Written by James Druman
As winter fast approaches, so does the cold, and with it rising energy usage, taking a toll on the environment and your wallet. As a child, I used to love winters for those days at home when I could curl up on the couch with a book, a heavy blanket, and a hot cup of hot chocolate or tea. It didn?t bother me that the air was colder.
So steam heat up some tea or chocolate and start using these basic tips to keep energy consumption low when upgrading your home is not possible.
The Air – A lot of your energy consumption comes from heating costs. Install a programmable thermostat to maintain different temperatures when you are home and when you are away. When running heaters with automatic control, close doors leading to empty rooms. Open curtains facing the sun when it is shining to take advantage of passive solar heating, and at nighttime or on cloudy days keep them drawn to hold in the heat, especially if you don?t have energy-saving windows.
Also, keep your furnace nice and tuned. Replace or clean furnace filters once a month. You can save up to 5 percent on heating costs by keeping your furnace lubricated and stocked with a clean filter. Turn your central heating down by 1 degree and you can save up to 10 percent on heating costs. Replace weather stripping on windows and caulk drafty air leaks to make sure you?re keeping warm air in and cold air out.
The Water – I know…I know. The last thing anyone wants is give up hot showers when the air is chilly. Still, most people keep their water too hot. Keep your hot water heater set at 120 degrees. Many manufacturers set their heaters at 140 before sending them from the factory, but this is completely unnecessary in the average home. You can also insulate your hot water heater to keep the heat from dissipating. Click here for some tips.
Another great way to make your heated water usage as efficient as possible is to install a hot water heater timer so you it is only warm at the times of day when it is needed. It is crucial to most of us to have hot water flowing in the winter, but it is it really necessary 24 hours a day? Here are some great tips on insulating.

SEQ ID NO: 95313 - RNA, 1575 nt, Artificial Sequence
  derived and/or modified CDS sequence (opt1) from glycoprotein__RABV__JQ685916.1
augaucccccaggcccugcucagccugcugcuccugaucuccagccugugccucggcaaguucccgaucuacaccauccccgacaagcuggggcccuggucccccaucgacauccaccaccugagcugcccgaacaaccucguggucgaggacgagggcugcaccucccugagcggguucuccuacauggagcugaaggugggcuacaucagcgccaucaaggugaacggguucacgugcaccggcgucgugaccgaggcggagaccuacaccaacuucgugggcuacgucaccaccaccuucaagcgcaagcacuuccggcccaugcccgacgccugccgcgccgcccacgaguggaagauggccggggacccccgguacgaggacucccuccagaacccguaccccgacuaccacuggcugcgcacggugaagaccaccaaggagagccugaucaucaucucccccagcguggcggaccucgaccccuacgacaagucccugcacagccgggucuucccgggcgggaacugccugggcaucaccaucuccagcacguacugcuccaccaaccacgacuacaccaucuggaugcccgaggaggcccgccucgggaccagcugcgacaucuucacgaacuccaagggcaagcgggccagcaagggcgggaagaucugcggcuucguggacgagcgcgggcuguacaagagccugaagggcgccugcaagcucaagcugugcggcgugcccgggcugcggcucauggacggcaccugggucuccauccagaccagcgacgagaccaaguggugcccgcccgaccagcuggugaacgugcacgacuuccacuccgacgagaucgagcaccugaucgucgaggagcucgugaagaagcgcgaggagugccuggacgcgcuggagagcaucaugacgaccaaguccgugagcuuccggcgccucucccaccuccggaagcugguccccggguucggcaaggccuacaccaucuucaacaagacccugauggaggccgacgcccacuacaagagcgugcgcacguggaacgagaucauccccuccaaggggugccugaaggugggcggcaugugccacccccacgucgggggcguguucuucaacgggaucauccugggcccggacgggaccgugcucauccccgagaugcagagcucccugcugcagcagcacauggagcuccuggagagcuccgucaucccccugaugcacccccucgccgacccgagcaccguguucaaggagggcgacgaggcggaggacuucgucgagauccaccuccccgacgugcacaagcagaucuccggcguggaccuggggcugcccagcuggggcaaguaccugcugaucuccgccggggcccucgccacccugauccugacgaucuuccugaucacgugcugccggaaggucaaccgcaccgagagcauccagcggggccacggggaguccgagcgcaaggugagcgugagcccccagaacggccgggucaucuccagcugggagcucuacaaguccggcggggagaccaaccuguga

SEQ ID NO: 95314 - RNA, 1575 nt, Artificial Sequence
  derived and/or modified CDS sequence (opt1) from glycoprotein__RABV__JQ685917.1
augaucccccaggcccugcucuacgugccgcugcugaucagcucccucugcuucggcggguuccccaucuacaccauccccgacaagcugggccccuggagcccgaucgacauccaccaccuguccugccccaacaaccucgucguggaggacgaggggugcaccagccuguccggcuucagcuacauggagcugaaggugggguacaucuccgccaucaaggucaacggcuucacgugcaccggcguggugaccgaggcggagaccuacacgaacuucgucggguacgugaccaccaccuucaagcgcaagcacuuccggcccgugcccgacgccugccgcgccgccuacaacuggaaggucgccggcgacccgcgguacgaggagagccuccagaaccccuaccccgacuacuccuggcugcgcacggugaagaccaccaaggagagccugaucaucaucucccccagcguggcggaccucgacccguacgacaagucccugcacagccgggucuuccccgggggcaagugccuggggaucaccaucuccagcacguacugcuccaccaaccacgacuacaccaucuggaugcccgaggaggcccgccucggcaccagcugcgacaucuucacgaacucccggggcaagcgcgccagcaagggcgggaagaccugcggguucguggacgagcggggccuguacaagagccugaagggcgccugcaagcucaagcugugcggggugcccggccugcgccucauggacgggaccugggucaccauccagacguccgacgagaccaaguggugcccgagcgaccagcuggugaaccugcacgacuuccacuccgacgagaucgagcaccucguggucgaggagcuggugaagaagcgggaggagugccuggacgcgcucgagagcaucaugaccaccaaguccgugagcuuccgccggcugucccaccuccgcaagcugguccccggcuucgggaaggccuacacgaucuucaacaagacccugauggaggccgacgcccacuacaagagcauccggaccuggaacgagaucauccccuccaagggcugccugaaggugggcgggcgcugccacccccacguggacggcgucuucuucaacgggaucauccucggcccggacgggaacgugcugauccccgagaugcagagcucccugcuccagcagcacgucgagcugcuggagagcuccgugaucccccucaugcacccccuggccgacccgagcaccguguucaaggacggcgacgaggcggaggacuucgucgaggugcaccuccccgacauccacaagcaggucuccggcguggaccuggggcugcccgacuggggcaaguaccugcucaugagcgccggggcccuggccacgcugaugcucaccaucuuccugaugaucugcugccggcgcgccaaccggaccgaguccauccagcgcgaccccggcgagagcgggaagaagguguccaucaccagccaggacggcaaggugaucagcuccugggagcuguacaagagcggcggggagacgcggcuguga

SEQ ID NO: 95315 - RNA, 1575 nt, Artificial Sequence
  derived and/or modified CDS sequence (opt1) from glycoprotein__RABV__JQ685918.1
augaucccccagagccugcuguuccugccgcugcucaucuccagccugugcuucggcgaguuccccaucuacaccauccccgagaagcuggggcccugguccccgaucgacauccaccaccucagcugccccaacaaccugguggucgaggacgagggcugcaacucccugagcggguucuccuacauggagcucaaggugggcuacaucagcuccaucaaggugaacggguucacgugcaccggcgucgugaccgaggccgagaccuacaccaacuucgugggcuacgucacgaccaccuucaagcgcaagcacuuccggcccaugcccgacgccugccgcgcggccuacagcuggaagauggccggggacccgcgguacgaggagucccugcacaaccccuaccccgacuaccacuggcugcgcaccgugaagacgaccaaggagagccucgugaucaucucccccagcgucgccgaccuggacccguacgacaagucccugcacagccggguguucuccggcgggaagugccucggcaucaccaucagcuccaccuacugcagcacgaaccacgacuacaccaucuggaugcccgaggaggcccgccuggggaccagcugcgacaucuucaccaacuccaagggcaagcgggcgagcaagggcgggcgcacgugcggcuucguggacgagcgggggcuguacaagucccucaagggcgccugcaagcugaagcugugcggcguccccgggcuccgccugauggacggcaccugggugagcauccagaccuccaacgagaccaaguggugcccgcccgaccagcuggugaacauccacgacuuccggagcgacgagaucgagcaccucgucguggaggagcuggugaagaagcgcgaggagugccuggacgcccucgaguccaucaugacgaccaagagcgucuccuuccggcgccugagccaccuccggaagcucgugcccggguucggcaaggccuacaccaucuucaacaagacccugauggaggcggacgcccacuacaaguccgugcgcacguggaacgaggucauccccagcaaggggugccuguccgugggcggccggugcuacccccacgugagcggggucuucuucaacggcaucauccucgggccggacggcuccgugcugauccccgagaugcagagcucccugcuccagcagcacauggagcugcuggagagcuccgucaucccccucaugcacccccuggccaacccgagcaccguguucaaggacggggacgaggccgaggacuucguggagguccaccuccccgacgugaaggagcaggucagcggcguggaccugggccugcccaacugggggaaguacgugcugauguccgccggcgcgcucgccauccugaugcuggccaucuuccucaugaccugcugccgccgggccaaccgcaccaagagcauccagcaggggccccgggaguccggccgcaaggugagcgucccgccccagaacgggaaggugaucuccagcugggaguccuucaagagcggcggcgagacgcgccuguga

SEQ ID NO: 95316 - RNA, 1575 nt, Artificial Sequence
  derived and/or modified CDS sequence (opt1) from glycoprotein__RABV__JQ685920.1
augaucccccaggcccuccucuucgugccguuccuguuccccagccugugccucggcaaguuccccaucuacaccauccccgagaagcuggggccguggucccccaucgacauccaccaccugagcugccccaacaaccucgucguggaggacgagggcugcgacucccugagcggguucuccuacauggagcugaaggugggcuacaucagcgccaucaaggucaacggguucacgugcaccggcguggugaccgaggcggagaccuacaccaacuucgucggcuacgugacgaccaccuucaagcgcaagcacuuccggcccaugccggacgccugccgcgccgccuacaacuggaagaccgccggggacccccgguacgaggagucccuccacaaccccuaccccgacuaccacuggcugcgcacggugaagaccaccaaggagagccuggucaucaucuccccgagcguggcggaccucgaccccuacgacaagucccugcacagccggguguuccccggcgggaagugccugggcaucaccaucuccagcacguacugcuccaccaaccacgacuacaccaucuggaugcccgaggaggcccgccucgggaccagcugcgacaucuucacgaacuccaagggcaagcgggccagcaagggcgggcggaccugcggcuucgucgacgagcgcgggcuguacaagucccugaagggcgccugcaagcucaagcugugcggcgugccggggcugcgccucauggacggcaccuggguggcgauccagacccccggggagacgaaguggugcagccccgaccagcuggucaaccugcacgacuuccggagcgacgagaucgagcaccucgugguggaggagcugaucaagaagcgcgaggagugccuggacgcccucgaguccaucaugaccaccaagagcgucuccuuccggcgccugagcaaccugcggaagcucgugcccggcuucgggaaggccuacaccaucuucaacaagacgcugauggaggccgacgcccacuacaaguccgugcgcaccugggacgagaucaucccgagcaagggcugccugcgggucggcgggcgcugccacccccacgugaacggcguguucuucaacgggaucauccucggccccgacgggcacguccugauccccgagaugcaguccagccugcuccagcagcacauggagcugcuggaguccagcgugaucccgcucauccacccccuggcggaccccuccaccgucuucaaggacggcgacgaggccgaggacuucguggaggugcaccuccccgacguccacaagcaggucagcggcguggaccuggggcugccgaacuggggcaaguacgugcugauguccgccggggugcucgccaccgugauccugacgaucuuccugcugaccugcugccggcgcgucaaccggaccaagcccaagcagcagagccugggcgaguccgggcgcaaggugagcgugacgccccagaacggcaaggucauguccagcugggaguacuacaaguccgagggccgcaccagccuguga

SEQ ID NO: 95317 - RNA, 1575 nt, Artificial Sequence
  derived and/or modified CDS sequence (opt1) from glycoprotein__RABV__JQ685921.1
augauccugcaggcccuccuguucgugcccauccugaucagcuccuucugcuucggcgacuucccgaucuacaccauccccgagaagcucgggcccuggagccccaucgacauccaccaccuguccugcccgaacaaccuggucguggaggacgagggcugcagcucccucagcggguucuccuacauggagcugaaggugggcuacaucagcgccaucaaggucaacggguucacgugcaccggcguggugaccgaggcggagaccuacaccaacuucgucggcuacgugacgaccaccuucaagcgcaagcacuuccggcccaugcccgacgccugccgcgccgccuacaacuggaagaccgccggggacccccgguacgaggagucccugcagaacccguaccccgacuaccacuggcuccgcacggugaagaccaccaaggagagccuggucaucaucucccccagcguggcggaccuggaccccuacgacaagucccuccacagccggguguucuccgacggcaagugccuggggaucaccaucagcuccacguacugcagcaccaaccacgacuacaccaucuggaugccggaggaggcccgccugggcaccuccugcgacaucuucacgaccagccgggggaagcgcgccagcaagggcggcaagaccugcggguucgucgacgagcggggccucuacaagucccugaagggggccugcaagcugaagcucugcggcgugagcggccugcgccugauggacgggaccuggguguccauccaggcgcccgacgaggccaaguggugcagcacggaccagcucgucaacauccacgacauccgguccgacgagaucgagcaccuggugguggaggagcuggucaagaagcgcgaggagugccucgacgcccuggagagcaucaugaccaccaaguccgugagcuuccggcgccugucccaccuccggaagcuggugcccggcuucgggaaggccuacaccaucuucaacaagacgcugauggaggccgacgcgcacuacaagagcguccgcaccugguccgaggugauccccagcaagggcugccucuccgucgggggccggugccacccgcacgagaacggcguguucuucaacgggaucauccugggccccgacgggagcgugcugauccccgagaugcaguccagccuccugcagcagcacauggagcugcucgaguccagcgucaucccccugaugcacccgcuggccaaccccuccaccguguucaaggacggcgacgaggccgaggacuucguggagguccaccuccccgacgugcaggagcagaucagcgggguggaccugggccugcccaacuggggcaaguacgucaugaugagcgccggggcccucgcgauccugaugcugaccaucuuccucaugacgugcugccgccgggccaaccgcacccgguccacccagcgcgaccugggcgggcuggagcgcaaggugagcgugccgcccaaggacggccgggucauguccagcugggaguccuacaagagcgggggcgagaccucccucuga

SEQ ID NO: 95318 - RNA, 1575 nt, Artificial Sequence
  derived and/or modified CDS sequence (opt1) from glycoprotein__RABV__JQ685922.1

Your Body – When it comes to warmth in the home, you’re really worried about yourself. Make the most of your body heat and bundle up. Get comfortable when hanging around the house – no one is going to see you. Wear a beanie, nice warm pajamas, and wool socks. Keep some down comforters near the couch for when you’re watching television.
Keep in mind that layering provides more warmth than thick clothing. The first time I went to Europe I found this out and made it through a month of backpacking in snowed-over German cities without a jacket. And where I?m from it doesn?t even snow.
Also, there is a common misconception that people sleep better when they crank up the heat, but research shows reasonably cool temperatures to be more conducive to healthy REM. If you?ve ever tossed and turned in sweaty blankets in the summer heat or the tropics, this makes perfect sense. Don?t go too extreme though?really cold temperatures can be disruptive?and keep your socks on because having cold feet will not make you sleep better.
Most importantly, stay active. When you?re home, work around the house. Get involved with the community when you?re not working. Play sports or join a club. When you?re constantly on the move, you don?t have time to get cold, and it is a lot healthier in many ways than sitting around all day in a heated home watching television.
By employing these simple tips, you can have a comfortable winter without cranking up the energy costs. You will find that you don?t even notice the differences in the water temperature, and even if you drastically reduce the air temperatures you will soon get used to it. Staying warm as the weather fouls doesn?t have to mean Neanderthals hunched around a fire in a small cave – just use your brain.